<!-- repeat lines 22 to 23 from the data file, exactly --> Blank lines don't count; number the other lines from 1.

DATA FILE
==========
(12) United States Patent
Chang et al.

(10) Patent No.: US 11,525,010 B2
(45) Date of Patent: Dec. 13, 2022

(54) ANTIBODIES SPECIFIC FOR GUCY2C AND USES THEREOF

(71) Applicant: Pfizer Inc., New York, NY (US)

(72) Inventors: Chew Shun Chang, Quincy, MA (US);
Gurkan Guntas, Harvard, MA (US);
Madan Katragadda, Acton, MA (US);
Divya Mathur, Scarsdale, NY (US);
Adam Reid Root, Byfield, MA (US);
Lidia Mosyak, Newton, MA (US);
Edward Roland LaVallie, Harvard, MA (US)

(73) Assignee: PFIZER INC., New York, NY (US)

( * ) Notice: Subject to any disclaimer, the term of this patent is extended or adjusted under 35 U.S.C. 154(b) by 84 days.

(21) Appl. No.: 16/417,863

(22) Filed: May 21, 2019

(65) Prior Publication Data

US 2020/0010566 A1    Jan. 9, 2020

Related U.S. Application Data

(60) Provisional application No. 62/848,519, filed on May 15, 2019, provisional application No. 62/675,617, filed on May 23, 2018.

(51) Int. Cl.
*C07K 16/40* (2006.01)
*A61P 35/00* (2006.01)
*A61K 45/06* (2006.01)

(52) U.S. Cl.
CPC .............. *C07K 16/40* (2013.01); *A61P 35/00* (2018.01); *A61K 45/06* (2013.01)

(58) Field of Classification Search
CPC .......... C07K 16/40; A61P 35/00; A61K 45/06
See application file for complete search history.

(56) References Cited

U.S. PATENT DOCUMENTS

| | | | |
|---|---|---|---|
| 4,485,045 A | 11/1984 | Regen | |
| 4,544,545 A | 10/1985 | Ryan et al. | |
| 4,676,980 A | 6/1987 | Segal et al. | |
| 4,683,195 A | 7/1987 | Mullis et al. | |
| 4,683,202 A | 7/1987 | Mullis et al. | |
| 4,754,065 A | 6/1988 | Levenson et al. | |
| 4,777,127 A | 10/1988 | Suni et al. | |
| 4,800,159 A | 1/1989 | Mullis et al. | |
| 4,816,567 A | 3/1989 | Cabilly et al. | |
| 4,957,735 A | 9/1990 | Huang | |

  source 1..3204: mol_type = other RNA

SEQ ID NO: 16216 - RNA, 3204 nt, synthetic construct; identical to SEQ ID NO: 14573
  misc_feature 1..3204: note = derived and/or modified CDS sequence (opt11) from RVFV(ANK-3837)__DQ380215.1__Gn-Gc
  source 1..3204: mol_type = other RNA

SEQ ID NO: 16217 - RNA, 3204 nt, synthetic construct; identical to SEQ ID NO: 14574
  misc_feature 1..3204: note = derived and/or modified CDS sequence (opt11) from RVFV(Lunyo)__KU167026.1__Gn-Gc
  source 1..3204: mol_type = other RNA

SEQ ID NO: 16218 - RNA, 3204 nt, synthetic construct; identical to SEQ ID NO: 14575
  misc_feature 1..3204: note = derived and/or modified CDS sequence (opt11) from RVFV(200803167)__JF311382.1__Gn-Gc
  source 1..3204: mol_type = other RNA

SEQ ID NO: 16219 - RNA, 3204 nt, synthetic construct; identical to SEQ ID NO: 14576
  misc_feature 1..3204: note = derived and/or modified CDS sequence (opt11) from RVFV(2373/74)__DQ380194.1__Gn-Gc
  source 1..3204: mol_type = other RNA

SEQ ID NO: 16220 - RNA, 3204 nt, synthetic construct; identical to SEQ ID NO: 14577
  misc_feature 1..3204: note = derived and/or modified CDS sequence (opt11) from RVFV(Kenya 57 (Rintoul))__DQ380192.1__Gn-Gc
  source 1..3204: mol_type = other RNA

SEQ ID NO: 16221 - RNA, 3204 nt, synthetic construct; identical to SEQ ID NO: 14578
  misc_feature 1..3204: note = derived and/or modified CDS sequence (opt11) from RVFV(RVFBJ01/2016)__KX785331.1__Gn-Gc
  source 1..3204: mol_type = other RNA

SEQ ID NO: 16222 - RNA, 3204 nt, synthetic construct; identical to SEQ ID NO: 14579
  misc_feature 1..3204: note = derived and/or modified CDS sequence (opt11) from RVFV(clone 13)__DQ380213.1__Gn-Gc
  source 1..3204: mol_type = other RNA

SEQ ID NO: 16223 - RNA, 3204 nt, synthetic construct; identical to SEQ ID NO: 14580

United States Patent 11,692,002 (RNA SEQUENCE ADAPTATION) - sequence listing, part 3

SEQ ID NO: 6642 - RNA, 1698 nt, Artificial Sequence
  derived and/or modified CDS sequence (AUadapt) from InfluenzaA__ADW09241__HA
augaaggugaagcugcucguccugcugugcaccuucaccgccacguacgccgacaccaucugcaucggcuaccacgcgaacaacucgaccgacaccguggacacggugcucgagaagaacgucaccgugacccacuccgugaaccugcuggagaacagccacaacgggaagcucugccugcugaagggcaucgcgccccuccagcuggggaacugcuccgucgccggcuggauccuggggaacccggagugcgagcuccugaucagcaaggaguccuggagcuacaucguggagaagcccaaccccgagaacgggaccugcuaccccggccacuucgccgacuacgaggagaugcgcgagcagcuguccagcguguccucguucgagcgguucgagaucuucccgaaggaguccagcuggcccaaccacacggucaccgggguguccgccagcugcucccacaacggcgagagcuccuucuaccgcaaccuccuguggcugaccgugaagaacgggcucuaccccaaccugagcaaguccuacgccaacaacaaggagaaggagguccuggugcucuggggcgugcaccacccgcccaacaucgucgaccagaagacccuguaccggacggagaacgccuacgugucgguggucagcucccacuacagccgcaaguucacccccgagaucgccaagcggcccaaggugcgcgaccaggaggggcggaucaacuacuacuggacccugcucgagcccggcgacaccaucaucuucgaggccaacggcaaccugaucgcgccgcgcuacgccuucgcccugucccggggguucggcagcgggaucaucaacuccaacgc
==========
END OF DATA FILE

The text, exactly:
(51) Int. Cl.
*C07K 16/40* (2006.01)